3rd. The apparition in itself, contains nothing, either in its character or object, opposed to the teachings of the Church, but is, on the contrary, conducive to edification. Being several times renewed and always in the same manner, we may conclude, that the Sister s imagination had nothing whatever to do with it Pg 76
4th. The wonderful circulation of the medal, confirmed by the testimony of the first engraver, M. Vachette, and the extensive sales of copies of the notice, reaching 109,000 in sixteen months, as attested by the publisher, M. Bailly, must be regarded as a confirmation of its supernatural origin. Pg 76
5th. The extraordinary graces obtained through the instrumentality of the medal, cures and conversions, several of which are legally attested by the deposition of reliable witnesses, who appeared before the Promoter and signed the verbal process, give a last proof to the fact it was sought to establish, namely, that the Miraculous Medal must be of divine origin. Such is the formal conclusion, in the report addressed to the Archbishop by the Promoter, at the end of the inquiry. Pg 76
What was the outcome of the inquiry?
Unfortunately, the ecclesiastical authority did not pronounce judgment; we know not why the inquiry did not receive the sanction to which it apparently led. The death of Mgr. de Quelen, at the end of the year 1839, caused all proceedings to be abandoned. Everything remains still in the domain of private devotions, and the model of the Immaculate Virgin, with its symbolical attributes, is not yet authorized as an object of public veneration in the churches. Pg 76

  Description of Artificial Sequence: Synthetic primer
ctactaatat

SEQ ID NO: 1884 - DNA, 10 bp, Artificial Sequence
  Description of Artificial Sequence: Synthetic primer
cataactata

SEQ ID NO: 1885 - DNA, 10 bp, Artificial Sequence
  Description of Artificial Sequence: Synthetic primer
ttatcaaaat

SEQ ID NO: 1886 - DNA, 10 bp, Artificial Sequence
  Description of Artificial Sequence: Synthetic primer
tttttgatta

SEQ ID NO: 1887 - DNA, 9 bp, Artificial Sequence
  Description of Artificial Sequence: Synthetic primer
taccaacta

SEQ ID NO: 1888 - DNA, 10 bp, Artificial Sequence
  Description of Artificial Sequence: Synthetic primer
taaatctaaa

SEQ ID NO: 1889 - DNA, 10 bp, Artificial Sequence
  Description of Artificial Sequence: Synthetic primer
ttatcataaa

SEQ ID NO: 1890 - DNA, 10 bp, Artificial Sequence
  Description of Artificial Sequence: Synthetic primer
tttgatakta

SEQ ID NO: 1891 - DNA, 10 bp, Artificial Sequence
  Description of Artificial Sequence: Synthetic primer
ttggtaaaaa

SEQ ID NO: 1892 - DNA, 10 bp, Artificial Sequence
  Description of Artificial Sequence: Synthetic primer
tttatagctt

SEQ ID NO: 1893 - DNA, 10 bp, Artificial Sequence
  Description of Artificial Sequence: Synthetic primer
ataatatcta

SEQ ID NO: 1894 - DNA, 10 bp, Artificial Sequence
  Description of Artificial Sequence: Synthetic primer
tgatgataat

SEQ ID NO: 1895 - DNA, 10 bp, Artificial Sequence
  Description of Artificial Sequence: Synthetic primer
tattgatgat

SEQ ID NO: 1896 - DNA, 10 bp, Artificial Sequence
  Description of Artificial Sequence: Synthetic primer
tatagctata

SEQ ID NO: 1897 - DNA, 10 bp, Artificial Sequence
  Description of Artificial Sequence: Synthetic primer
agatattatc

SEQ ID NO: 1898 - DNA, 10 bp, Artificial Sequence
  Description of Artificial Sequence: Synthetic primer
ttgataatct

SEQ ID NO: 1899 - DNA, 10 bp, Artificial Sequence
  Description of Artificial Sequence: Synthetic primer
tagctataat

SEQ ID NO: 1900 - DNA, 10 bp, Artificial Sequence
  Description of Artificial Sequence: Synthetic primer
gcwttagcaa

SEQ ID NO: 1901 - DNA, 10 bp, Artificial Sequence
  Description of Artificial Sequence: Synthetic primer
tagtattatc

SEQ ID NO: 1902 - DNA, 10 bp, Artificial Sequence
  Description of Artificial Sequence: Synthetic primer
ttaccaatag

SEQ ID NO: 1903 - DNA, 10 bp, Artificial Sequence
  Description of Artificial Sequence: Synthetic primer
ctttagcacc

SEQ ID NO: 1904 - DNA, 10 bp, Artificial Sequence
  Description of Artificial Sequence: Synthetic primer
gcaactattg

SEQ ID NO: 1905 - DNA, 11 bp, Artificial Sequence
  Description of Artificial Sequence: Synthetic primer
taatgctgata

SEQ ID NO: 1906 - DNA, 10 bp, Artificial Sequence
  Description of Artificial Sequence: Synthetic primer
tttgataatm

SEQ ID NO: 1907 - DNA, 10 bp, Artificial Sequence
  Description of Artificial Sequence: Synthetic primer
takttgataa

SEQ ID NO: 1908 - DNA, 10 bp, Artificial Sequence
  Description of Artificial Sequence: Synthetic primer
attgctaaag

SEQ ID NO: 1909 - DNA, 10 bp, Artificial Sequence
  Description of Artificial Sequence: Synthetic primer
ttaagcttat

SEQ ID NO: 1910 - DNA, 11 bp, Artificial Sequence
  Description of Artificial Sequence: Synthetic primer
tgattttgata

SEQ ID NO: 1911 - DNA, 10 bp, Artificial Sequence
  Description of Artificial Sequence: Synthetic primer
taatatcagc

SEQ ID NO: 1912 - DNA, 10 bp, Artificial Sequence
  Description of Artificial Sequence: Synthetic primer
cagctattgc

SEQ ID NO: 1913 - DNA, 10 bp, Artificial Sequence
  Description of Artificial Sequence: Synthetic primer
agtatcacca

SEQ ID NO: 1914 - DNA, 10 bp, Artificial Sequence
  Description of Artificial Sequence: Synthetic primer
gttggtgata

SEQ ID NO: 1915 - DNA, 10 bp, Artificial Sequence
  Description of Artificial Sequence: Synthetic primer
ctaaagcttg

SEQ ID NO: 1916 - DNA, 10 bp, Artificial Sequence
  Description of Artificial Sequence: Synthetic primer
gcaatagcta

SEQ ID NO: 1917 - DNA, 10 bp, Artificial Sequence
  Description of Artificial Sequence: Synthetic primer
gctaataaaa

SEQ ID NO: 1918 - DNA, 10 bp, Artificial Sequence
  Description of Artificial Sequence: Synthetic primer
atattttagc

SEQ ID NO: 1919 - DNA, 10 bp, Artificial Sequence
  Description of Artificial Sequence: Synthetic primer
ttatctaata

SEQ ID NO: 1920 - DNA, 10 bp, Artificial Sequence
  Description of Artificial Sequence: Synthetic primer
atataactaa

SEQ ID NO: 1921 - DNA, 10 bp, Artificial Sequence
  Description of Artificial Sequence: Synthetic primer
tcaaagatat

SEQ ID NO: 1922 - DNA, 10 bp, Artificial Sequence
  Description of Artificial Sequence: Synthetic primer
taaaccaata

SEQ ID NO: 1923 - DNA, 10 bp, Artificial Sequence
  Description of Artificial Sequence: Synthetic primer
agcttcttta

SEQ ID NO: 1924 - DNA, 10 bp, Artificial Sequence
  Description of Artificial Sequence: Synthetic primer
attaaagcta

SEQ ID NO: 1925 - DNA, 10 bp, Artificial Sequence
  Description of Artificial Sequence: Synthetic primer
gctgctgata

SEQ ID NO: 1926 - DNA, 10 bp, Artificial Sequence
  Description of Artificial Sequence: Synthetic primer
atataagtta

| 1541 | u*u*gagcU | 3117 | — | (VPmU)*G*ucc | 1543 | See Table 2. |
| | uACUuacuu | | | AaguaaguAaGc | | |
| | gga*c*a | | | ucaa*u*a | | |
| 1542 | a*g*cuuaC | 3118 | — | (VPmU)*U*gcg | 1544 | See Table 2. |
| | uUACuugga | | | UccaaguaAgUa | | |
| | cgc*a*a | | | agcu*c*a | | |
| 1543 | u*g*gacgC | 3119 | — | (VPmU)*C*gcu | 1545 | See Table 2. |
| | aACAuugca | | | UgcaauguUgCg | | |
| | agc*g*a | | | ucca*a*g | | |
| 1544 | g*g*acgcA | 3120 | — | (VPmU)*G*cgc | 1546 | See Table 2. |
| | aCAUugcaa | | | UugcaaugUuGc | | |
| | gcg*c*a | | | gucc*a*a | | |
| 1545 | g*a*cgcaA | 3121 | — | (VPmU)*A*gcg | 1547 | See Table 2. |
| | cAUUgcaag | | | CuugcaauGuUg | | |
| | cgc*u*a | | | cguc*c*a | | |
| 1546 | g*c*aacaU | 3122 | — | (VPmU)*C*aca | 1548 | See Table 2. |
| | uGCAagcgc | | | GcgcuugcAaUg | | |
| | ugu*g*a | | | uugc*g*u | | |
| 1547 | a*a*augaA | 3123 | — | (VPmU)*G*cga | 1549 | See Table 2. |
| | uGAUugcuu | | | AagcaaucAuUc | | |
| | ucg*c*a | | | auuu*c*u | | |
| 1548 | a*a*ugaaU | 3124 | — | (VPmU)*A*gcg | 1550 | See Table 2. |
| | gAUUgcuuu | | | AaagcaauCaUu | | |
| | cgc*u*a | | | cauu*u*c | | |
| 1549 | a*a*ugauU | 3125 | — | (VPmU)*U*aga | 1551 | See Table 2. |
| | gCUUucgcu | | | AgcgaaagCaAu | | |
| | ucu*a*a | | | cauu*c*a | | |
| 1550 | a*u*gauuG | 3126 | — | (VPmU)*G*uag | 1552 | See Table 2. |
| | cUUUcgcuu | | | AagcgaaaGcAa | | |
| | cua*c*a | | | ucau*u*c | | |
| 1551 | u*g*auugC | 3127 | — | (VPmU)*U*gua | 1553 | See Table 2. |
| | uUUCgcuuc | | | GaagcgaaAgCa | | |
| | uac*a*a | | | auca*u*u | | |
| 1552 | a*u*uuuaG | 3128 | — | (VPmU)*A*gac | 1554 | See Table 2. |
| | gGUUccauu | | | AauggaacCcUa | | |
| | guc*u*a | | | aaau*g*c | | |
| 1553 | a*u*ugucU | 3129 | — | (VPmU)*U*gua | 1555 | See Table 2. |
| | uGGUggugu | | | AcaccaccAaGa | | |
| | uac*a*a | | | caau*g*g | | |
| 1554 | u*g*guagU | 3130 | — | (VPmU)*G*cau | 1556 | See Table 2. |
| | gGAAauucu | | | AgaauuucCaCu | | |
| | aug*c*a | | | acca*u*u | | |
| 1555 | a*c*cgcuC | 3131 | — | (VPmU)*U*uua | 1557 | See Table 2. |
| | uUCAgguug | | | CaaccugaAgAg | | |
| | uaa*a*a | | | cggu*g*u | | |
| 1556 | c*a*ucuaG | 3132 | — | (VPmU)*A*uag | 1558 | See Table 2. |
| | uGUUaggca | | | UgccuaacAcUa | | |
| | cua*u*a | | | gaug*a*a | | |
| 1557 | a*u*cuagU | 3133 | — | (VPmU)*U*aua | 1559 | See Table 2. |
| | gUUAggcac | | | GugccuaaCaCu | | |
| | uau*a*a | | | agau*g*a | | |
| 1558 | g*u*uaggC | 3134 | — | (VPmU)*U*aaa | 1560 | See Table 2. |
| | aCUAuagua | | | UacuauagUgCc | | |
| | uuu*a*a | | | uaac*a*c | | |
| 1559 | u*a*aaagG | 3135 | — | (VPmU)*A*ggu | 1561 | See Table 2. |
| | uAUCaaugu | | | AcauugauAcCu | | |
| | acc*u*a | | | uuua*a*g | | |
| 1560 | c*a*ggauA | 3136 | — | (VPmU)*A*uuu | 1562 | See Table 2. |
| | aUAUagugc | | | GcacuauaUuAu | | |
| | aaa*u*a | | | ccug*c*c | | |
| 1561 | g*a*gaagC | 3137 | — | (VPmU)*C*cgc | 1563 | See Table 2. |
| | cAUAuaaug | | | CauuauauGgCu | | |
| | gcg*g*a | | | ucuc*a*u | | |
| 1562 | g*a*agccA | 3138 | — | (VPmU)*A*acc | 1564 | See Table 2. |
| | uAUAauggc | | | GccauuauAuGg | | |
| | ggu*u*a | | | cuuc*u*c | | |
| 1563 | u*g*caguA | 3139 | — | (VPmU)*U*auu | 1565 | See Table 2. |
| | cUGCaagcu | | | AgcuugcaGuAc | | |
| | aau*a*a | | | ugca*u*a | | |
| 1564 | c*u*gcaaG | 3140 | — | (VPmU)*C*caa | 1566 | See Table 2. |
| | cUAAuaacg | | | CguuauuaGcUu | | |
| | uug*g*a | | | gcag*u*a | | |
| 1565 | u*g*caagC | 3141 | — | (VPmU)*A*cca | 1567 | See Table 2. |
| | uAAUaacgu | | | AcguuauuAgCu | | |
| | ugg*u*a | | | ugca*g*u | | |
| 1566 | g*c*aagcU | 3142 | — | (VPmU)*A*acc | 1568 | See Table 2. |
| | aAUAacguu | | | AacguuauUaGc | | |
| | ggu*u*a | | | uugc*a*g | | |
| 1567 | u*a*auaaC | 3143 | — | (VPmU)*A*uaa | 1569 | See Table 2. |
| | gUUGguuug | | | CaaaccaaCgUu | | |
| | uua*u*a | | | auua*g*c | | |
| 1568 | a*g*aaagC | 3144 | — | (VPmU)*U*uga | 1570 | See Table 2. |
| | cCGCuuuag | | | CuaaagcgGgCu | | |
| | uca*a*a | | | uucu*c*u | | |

What was one of the most famous conversions attributed to the extraordinary graces obtained through the instrumentality of the Miraculous Medal?
The conversion of Alphonse Ratisbonne who belonged to a Jewish family of Strasbourg, distinguished in the world as much for its social position as the universal esteem in which it was held; …..His hatred of Catholicity was very far from suggesting a thought of his ever embracing it. It was M. De Bussiere, in one of his interactions with M Ratisbonne was impelled by a secret impulse of grace, thought of offering him the Miraculous Medal. M. De Bussiere united with his family prayed for for him. On January 20, 1842, in the Church of St. Andrew, delle Fratte, in Rome M Ratisbonne experienced his miraculous conversion. “She did not speak one word to me” said M Ratisbonne, “but I understood it all.” Pg 193
Does The Miraculous Medal have a feast day?
Yes it does the Feast of the Miraculous Medal – November 27
On 23 July, 1894, Pope Leo XIII, after a careful examination of all the facts by the Sacred Congregation of Rites, instituted a feast, with a special Office and Mass, of the Manifestation of the Immaculate Virgin under the title of the Miraculous Medal, to be celebrated yearly on 27 November by the Priests of the Congregation of the Mission, under the rite of a double of the second class. For ordinaries and religious communities who may ask the privilege of celebrating the festival, its rank is to be that of a double major feast. A further decree, dated 7 September, 1894, permits any priest to say the Mass proper to the feast in any chapel attached to a house of the Sisters of Charity.